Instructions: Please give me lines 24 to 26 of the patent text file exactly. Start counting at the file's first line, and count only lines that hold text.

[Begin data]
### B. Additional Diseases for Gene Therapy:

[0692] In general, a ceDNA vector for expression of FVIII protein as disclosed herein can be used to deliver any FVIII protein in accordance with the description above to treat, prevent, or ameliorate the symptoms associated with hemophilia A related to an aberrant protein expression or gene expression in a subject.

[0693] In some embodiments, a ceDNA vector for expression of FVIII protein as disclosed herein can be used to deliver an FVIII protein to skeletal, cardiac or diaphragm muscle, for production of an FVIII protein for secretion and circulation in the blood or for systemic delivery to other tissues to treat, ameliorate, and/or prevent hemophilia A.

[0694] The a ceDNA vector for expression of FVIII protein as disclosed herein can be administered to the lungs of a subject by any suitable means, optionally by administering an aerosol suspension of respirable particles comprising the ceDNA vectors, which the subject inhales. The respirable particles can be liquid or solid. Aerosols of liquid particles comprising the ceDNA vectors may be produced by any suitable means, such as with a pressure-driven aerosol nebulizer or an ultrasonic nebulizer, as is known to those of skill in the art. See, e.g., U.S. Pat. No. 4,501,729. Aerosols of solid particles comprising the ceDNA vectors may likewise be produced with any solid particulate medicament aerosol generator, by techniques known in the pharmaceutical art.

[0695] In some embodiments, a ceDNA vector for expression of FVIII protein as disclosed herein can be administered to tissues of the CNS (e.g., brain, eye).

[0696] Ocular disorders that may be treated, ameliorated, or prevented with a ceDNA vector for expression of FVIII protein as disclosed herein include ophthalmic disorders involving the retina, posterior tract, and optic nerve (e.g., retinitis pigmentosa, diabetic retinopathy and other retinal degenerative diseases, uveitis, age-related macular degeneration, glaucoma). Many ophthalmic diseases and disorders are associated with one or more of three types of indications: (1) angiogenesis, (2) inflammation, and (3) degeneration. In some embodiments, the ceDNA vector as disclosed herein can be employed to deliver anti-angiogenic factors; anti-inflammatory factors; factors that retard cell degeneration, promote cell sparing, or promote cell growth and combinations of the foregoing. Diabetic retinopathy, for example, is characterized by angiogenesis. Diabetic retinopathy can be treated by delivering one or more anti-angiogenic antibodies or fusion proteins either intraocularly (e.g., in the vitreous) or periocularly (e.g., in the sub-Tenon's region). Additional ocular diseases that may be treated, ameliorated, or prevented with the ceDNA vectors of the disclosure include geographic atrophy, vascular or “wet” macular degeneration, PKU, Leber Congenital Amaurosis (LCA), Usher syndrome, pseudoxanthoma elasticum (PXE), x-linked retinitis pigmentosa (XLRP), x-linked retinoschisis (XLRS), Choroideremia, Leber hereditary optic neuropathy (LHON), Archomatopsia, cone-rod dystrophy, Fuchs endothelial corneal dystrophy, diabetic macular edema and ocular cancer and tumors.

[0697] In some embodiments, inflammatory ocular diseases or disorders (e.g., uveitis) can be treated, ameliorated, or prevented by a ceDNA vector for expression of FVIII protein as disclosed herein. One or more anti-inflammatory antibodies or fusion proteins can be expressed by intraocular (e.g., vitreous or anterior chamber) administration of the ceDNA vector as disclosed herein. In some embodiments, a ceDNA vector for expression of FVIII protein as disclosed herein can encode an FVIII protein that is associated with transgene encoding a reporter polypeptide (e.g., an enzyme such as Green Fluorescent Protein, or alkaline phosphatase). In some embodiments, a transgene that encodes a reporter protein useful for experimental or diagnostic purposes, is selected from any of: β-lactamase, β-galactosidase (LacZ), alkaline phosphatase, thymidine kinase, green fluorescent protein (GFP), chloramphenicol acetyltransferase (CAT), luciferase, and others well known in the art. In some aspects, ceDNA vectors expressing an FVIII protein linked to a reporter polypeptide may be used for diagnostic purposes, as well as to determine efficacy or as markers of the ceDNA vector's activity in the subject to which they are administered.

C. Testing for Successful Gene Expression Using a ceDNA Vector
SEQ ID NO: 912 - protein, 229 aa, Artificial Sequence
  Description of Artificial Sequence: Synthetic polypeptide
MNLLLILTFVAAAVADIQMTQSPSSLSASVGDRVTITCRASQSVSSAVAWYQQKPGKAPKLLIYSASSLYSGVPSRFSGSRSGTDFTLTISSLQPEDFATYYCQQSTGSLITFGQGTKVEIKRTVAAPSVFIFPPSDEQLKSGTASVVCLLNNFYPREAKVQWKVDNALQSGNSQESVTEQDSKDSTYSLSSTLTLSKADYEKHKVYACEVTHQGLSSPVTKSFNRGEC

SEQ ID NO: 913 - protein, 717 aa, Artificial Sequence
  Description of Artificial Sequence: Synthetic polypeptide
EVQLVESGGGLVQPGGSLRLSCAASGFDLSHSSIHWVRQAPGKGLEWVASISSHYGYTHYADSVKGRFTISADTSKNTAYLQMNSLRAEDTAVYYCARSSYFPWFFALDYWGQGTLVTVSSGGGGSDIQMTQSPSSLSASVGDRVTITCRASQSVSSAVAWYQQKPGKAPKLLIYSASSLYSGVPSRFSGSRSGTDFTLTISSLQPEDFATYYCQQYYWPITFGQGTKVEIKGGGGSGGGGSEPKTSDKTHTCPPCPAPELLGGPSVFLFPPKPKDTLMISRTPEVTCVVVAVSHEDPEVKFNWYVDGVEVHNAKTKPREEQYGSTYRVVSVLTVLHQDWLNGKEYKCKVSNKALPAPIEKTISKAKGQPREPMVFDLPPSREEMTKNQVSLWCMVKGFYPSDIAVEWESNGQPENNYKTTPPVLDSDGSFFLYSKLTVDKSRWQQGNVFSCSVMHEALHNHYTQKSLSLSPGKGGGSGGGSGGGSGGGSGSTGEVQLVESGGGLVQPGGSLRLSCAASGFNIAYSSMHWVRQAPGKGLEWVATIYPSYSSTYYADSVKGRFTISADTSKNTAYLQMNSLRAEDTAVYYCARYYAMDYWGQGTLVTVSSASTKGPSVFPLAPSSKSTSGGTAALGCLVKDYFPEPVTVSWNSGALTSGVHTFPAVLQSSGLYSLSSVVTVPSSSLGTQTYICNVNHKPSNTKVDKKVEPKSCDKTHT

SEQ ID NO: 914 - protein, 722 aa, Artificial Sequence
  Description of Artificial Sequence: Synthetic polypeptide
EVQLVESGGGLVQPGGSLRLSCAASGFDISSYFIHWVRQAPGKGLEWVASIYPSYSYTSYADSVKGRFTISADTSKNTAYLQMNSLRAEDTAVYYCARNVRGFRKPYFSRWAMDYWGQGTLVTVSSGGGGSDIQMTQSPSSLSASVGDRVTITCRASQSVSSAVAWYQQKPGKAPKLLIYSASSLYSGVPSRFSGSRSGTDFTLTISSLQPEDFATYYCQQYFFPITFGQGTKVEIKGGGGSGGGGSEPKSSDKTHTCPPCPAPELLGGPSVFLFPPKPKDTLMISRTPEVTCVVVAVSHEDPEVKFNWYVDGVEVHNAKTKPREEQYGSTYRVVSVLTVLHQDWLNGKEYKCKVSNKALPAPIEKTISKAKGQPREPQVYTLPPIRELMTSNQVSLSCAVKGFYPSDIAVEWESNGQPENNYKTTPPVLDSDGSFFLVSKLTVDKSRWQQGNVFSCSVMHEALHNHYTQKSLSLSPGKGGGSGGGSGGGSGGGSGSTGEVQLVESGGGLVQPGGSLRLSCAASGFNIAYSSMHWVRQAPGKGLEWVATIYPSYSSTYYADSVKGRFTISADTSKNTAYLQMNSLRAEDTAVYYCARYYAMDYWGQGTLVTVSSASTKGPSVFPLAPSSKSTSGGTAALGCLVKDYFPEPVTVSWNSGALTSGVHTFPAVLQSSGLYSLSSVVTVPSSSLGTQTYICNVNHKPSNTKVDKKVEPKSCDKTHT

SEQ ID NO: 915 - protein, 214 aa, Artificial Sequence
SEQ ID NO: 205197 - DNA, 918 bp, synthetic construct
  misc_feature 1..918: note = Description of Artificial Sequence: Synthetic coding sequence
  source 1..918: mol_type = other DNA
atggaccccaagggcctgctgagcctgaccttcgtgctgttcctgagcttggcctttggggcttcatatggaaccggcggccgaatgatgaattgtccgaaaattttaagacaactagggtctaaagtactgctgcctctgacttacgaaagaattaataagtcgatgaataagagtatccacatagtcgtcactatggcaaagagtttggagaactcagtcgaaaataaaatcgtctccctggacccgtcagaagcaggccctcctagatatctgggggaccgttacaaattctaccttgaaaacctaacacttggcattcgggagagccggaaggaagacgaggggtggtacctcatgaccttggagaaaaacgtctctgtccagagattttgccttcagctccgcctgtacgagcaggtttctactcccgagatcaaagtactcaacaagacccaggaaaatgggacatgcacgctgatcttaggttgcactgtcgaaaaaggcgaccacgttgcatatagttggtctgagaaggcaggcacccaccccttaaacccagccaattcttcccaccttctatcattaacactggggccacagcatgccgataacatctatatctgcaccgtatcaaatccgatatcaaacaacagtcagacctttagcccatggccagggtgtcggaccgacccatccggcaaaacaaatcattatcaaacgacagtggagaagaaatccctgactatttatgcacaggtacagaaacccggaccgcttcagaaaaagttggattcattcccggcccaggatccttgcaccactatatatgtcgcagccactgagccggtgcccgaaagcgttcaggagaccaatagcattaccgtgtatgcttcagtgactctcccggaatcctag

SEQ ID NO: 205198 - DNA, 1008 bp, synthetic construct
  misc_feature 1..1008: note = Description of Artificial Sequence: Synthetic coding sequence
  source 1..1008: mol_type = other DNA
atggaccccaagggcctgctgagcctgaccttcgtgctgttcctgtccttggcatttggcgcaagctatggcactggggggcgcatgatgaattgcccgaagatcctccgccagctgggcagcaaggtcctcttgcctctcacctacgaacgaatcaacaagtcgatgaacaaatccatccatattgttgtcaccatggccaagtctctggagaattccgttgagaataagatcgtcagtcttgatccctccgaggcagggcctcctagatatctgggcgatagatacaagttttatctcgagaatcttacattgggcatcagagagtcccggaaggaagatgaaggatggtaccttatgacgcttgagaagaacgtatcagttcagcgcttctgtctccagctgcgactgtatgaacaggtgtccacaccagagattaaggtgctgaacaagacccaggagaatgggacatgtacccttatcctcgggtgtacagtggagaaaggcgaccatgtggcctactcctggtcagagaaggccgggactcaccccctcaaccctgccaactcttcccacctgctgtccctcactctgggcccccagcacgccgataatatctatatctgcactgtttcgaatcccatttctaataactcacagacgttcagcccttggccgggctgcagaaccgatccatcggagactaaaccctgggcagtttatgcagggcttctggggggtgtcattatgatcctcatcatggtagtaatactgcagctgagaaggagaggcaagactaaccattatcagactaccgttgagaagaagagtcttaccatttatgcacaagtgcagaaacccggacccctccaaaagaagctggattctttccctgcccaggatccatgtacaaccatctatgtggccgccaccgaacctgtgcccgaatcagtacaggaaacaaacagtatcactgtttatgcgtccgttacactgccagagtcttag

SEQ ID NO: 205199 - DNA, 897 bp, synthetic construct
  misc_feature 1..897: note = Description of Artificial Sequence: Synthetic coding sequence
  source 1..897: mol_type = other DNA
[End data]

  misc_feature 1..1008: note = Description of Artificial Sequence: Synthetic coding sequence
  source 1..1008: mol_type = other DNA
atggaccccaagggcctgctgagcctgaccttcgtgctgttcctgtccttggcatttggcgcaagctatggcactggggggcgcatgatgaattgcccgaagatcctccgccagctgggcagcaaggtcctcttgcctctcacctacgaacgaatcaacaagtcgatgaacaaatccatccatattgttgtcaccatggccaagtctctggagaattccgttgagaataagatcgtcagtcttgatccctccgaggcagggcctcctagatatctgggcgatagatacaagttttatctcgagaatcttacattgggcatcagagagtcccggaaggaagatgaaggatggtaccttatgacgcttgagaagaacgtatcagttcagcgcttctgtctccagctgcgactgtatgaacaggtgtccacaccagagattaaggtgctgaacaagacccaggagaatgggacatgtacccttatcctcgggtgtacagtggagaaaggcgaccatgtggcctactcctggtcagagaaggccgggactcaccccctcaaccctgccaactcttcccacctgctgtccctcactctgggcccccagcacgccgataatatctatatctgcactgtttcgaatcccatttctaataactcacagacgttcagcccttggccgggctgcagaaccgatccatcggagactaaaccctgggcagtttatgcagggcttctggggggtgtcattatgatcctcatcatggtagtaatactgcagctgagaaggagaggcaagactaaccattatcagactaccgttgagaagaagagtcttaccatttatgcacaagtgcagaaacccggacccctccaaaagaagctggattctttccctgcccaggatccatgtacaaccatctatgtggccgccaccgaacctgtgcccgaatcagtacaggaaacaaacagtatcactgtttatgcgtccgttacactgccagagtcttag